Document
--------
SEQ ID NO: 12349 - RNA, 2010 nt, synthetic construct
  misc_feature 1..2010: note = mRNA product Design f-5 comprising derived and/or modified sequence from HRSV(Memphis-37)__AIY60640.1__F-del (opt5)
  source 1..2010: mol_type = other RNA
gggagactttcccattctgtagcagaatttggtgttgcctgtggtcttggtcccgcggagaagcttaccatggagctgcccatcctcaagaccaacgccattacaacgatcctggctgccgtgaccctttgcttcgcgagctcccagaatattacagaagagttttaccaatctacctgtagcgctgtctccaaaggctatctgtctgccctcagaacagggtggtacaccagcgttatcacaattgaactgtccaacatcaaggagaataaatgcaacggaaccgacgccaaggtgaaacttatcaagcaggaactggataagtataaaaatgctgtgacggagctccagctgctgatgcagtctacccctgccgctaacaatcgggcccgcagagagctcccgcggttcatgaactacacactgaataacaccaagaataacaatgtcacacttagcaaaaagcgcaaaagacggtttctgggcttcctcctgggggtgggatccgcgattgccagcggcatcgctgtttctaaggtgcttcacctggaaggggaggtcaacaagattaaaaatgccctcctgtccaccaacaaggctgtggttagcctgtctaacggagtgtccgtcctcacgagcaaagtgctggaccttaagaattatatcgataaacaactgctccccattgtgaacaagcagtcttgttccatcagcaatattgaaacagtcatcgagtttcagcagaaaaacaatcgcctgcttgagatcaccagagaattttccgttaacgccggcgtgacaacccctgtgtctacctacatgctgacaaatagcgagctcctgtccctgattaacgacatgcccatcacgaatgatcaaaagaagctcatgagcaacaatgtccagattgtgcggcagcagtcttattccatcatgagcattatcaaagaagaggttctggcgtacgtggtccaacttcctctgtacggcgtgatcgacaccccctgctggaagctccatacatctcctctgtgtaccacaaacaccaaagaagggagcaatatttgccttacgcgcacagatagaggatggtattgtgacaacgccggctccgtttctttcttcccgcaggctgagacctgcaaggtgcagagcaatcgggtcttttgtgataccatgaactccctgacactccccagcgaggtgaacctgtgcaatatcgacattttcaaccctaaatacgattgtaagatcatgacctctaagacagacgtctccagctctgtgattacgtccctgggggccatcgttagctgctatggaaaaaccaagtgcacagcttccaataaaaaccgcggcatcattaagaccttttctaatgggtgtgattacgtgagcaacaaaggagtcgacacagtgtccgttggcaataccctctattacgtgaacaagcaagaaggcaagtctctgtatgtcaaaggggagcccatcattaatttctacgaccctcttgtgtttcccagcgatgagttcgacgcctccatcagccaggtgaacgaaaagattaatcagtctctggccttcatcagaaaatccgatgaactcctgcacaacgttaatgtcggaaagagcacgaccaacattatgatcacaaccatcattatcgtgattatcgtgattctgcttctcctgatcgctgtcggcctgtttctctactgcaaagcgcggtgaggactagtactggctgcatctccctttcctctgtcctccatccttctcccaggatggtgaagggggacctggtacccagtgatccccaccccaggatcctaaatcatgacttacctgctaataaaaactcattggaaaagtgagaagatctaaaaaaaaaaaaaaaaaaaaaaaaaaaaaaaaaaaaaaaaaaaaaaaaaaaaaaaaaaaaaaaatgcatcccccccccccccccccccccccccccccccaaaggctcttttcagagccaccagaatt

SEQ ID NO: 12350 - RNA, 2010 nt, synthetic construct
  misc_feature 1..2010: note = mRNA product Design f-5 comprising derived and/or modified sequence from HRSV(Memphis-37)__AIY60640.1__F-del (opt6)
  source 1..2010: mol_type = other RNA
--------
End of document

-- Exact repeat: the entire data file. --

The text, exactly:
SEQ ID NO: 12349 - RNA, 2010 nt, synthetic construct
  misc_feature 1..2010: note = mRNA product Design f-5 comprising derived and/or modified sequence from HRSV(Memphis-37)__AIY60640.1__F-del (opt5)
  source 1..2010: mol_type = other RNA
gggagactttcccattctgtagcagaatttggtgttgcctgtggtcttggtcccgcggagaagcttaccatggagctgcccatcctcaagaccaacgccattacaacgatcctggctgccgtgaccctttgcttcgcgagctcccagaatattacagaagagttttaccaatctacctgtagcgctgtctccaaaggctatctgtctgccctcagaacagggtggtacaccagcgttatcacaattgaactgtccaacatcaaggagaataaatgcaacggaaccgacgccaaggtgaaacttatcaagcaggaactggataagtataaaaatgctgtgacggagctccagctgctgatgcagtctacccctgccgctaacaatcgggcccgcagagagctcccgcggttcatgaactacacactgaataacaccaagaataacaatgtcacacttagcaaaaagcgcaaaagacggtttctgggcttcctcctgggggtgggatccgcgattgccagcggcatcgctgtttctaaggtgcttcacctggaaggggaggtcaacaagattaaaaatgccctcctgtccaccaacaaggctgtggttagcctgtctaacggagtgtccgtcctcacgagcaaagtgctggaccttaagaattatatcgataaacaactgctccccattgtgaacaagcagtcttgttccatcagcaatattgaaacagtcatcgagtttcagcagaaaaacaatcgcctgcttgagatcaccagagaattttccgttaacgccggcgtgacaacccctgtgtctacctacatgctgacaaatagcgagctcctgtccctgattaacgacatgcccatcacgaatgatcaaaagaagctcatgagcaacaatgtccagattgtgcggcagcagtcttattccatcatgagcattatcaaagaagaggttctggcgtacgtggtccaacttcctctgtacggcgtgatcgacaccccctgctggaagctccatacatctcctctgtgtaccacaaacaccaaagaagggagcaatatttgccttacgcgcacagatagaggatggtattgtgacaacgccggctccgtttctttcttcccgcaggctgagacctgcaaggtgcagagcaatcgggtcttttgtgataccatgaactccctgacactccccagcgaggtgaacctgtgcaatatcgacattttcaaccctaaatacgattgtaagatcatgacctctaagacagacgtctccagctctgtgattacgtccctgggggccatcgttagctgctatggaaaaaccaagtgcacagcttccaataaaaaccgcggcatcattaagaccttttctaatgggtgtgattacgtgagcaacaaaggagtcgacacagtgtccgttggcaataccctctattacgtgaacaagcaagaaggcaagtctctgtatgtcaaaggggagcccatcattaatttctacgaccctcttgtgtttcccagcgatgagttcgacgcctccatcagccaggtgaacgaaaagattaatcagtctctggccttcatcagaaaatccgatgaactcctgcacaacgttaatgtcggaaagagcacgaccaacattatgatcacaaccatcattatcgtgattatcgtgattctgcttctcctgatcgctgtcggcctgtttctctactgcaaagcgcggtgaggactagtactggctgcatctccctttcctctgtcctccatccttctcccaggatggtgaagggggacctggtacccagtgatccccaccccaggatcctaaatcatgacttacctgctaataaaaactcattggaaaagtgagaagatctaaaaaaaaaaaaaaaaaaaaaaaaaaaaaaaaaaaaaaaaaaaaaaaaaaaaaaaaaaaaaaaatgcatcccccccccccccccccccccccccccccccaaaggctcttttcagagccaccagaatt

SEQ ID NO: 12350 - RNA, 2010 nt, synthetic construct
  misc_feature 1..2010: note = mRNA product Design f-5 comprising derived and/or modified sequence from HRSV(Memphis-37)__AIY60640.1__F-del (opt6)
  source 1..2010: mol_type = other RNA